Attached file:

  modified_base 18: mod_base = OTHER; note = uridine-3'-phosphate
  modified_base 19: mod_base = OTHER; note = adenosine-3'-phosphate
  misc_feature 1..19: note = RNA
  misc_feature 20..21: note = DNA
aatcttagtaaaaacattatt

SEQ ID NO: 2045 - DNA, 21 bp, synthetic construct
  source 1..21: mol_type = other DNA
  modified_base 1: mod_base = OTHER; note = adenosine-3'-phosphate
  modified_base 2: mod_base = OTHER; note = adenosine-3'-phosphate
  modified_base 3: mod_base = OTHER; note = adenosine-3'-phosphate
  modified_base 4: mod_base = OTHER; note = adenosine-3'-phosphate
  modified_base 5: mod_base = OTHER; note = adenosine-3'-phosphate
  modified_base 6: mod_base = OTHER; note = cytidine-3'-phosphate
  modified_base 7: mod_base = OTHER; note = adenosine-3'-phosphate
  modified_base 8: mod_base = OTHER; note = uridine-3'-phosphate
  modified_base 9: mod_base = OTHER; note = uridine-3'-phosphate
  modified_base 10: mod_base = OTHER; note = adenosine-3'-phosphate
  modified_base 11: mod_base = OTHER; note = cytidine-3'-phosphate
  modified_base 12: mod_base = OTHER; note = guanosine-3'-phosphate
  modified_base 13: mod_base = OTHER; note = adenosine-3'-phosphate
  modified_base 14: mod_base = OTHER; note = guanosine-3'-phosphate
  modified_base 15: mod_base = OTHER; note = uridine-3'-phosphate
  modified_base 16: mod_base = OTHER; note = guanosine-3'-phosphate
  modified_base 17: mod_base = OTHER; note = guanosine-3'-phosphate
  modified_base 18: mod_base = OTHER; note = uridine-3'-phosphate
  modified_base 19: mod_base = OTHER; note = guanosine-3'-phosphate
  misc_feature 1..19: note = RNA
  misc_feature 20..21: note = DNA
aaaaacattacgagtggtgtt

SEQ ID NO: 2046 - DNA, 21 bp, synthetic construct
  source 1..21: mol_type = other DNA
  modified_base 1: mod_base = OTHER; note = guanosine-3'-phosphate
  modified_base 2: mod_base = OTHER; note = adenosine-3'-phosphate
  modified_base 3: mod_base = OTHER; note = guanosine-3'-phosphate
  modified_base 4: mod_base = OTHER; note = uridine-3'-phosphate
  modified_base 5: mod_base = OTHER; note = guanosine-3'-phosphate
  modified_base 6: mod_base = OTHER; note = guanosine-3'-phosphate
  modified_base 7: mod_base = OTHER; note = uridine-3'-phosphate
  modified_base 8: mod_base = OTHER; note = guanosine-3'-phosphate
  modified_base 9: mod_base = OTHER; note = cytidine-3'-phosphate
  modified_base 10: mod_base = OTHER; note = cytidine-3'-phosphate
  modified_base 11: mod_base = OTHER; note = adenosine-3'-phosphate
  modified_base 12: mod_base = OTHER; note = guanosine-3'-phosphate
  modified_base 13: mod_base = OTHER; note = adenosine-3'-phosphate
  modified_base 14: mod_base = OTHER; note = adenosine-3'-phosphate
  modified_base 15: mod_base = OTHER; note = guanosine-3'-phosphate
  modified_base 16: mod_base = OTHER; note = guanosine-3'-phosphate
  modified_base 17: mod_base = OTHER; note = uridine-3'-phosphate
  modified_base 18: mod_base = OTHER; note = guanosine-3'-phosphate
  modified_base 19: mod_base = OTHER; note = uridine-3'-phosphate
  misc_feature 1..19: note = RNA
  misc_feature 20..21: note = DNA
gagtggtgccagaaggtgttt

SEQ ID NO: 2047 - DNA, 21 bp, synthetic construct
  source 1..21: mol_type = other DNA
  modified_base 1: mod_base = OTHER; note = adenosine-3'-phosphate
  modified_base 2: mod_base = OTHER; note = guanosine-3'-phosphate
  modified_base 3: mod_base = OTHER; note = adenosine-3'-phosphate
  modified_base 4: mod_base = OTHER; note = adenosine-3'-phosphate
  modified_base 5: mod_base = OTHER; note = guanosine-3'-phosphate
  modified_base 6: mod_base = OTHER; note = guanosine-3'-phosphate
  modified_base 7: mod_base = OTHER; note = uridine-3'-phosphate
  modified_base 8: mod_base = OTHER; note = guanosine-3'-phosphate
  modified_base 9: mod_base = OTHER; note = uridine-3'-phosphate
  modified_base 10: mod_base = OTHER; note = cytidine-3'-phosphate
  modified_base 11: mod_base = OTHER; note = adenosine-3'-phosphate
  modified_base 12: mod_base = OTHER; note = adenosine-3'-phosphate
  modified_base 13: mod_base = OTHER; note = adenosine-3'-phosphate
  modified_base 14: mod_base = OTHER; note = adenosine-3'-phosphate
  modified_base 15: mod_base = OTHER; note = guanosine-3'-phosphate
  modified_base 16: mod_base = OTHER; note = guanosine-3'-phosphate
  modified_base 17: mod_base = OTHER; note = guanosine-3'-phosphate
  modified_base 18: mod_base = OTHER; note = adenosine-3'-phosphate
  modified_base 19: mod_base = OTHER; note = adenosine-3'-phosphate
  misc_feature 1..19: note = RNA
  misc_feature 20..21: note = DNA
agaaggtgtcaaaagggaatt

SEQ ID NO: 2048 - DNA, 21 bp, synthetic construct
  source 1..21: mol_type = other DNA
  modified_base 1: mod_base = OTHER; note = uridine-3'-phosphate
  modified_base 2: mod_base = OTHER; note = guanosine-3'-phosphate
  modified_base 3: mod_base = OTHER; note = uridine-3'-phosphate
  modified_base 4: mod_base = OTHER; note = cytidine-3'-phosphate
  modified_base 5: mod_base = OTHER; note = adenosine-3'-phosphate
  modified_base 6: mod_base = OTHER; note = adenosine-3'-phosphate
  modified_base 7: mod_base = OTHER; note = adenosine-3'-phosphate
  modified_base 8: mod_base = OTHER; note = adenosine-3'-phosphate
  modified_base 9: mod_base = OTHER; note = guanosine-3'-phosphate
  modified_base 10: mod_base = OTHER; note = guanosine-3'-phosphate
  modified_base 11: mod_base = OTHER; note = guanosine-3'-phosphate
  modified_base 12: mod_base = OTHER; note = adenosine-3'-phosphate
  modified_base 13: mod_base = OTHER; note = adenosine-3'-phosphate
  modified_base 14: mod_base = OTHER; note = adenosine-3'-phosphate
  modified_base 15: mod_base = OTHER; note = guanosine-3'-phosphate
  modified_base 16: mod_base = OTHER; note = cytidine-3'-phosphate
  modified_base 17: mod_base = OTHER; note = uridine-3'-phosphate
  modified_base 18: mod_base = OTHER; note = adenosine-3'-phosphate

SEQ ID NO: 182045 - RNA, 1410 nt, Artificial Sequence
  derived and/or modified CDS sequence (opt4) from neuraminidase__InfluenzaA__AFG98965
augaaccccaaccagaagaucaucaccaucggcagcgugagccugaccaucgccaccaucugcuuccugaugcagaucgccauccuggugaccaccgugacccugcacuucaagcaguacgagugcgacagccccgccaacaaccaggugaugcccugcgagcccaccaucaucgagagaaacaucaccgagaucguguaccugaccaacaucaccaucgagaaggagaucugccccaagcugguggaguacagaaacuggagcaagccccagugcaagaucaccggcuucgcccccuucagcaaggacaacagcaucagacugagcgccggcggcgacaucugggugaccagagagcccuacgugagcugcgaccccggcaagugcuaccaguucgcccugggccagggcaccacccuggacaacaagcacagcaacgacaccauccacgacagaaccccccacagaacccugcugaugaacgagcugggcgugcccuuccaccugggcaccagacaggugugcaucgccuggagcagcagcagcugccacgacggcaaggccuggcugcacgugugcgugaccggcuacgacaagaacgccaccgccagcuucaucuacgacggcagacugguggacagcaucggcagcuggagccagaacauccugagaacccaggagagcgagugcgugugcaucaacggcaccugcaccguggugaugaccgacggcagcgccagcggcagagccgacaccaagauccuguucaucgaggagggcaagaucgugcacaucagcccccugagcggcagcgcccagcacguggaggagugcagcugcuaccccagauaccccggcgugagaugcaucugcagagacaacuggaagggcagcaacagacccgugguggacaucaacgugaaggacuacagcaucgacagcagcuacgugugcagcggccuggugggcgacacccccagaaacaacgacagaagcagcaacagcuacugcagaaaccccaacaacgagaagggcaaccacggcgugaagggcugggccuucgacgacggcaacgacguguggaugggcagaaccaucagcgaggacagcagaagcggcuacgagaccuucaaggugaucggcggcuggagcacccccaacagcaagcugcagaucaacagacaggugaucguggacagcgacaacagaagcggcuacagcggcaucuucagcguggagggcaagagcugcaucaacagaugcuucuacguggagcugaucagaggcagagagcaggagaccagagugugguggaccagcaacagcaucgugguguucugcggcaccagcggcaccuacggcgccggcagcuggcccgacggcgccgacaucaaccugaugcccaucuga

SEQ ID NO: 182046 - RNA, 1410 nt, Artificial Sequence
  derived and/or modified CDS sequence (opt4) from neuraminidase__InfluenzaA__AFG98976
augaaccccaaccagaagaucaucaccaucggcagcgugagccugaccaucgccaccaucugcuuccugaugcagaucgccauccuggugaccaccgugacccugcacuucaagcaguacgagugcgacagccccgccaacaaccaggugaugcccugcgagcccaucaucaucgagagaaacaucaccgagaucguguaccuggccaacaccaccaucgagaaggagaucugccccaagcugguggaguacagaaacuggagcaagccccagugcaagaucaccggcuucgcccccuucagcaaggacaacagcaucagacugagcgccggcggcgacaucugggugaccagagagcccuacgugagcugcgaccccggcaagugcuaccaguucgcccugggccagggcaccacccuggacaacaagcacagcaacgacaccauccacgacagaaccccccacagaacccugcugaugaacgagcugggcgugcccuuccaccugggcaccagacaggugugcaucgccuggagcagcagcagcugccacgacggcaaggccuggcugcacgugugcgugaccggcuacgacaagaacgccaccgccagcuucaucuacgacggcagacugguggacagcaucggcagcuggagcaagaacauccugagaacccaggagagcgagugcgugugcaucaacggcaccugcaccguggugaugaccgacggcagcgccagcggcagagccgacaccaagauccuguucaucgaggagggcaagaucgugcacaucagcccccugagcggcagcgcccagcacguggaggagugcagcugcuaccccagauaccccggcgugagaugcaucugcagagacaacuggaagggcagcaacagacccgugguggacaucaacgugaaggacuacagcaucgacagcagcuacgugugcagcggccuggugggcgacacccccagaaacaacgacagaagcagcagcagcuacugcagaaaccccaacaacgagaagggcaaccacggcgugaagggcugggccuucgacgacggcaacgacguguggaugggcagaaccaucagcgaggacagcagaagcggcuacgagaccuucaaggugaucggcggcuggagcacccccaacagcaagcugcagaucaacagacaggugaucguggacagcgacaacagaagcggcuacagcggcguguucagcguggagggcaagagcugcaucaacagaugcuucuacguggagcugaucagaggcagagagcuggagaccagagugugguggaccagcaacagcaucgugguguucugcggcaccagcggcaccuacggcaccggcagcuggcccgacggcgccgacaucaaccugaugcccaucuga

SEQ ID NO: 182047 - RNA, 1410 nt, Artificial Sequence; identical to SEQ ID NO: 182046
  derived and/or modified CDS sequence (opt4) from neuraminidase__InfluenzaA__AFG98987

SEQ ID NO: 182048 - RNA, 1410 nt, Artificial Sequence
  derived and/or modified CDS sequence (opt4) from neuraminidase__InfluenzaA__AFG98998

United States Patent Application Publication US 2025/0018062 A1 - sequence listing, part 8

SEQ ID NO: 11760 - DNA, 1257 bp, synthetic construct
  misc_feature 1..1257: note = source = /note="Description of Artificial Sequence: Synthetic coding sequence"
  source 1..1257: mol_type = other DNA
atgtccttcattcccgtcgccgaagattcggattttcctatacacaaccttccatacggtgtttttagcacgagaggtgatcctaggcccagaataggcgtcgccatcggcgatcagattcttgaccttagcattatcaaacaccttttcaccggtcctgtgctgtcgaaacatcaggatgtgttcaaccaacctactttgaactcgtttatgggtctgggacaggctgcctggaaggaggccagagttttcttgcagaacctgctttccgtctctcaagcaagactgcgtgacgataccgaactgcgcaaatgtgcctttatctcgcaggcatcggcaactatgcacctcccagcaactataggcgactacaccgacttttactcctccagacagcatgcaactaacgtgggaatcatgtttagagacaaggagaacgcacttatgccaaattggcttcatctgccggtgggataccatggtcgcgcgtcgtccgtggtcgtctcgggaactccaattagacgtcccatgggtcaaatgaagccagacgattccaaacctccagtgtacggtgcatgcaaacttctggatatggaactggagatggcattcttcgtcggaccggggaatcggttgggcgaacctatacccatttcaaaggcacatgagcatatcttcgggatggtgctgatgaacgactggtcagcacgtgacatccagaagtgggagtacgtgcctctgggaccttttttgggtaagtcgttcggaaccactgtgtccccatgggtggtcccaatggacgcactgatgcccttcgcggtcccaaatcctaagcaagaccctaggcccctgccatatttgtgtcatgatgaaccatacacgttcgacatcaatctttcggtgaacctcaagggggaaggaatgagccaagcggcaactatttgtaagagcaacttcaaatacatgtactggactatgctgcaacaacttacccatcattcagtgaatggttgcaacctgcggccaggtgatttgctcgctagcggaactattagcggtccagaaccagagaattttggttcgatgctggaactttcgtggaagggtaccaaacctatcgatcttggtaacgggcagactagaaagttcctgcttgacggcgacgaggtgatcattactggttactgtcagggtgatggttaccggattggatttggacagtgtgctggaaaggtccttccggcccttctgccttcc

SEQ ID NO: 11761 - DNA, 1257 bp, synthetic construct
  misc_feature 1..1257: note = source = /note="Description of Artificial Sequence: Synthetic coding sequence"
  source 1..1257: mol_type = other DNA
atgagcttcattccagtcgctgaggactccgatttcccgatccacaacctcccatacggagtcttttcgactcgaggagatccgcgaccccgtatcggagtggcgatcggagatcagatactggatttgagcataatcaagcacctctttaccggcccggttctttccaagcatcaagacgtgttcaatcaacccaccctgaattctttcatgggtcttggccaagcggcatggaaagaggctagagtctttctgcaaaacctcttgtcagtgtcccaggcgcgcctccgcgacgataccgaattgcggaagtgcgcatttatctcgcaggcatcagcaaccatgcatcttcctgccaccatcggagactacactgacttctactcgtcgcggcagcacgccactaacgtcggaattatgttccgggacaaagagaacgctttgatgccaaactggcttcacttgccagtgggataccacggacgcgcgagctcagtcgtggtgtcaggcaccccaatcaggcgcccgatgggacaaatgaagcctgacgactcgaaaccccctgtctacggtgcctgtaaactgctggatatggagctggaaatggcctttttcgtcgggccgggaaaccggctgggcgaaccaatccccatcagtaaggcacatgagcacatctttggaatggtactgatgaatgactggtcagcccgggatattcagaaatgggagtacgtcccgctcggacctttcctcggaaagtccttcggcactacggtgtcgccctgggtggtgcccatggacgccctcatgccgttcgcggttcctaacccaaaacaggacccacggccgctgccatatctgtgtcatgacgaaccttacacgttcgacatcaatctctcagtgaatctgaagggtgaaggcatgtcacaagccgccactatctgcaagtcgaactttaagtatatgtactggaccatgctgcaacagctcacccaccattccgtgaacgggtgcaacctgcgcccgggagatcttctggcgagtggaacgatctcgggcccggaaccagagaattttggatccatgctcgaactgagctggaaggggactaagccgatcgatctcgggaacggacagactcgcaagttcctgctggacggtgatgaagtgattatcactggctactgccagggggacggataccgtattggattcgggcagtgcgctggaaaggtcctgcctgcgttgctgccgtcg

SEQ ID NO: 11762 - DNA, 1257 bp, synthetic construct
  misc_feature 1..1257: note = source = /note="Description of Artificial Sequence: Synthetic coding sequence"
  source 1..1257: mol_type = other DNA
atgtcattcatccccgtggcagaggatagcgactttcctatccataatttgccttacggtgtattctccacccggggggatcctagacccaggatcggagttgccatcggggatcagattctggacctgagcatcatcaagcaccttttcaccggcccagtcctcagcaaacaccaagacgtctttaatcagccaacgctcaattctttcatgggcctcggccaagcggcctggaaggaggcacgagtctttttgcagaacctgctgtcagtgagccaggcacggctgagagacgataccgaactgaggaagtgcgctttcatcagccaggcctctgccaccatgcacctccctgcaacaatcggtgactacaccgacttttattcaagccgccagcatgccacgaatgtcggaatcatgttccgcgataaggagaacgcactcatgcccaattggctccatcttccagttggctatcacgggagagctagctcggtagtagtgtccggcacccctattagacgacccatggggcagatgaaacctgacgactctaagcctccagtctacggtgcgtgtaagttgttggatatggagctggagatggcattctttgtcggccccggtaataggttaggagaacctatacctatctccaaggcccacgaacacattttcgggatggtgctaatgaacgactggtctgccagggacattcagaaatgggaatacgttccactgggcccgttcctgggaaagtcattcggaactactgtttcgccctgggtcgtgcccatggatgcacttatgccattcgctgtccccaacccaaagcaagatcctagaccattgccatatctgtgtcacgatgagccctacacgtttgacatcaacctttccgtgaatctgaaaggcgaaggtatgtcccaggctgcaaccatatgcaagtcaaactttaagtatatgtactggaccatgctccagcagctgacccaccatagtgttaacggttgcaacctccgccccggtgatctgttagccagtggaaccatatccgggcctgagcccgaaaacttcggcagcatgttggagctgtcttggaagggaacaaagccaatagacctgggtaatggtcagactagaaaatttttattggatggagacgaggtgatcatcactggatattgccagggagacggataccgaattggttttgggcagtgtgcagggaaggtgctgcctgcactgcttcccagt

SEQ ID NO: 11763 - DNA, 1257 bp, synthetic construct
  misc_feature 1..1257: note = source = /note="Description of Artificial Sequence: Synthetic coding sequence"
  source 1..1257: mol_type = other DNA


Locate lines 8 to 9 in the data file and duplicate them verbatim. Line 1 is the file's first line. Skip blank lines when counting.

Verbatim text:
  modified_base 1: mod_base = OTHER; note = adenosine-3'-phosphate
  modified_base 2: mod_base = OTHER; note = adenosine-3'-phosphate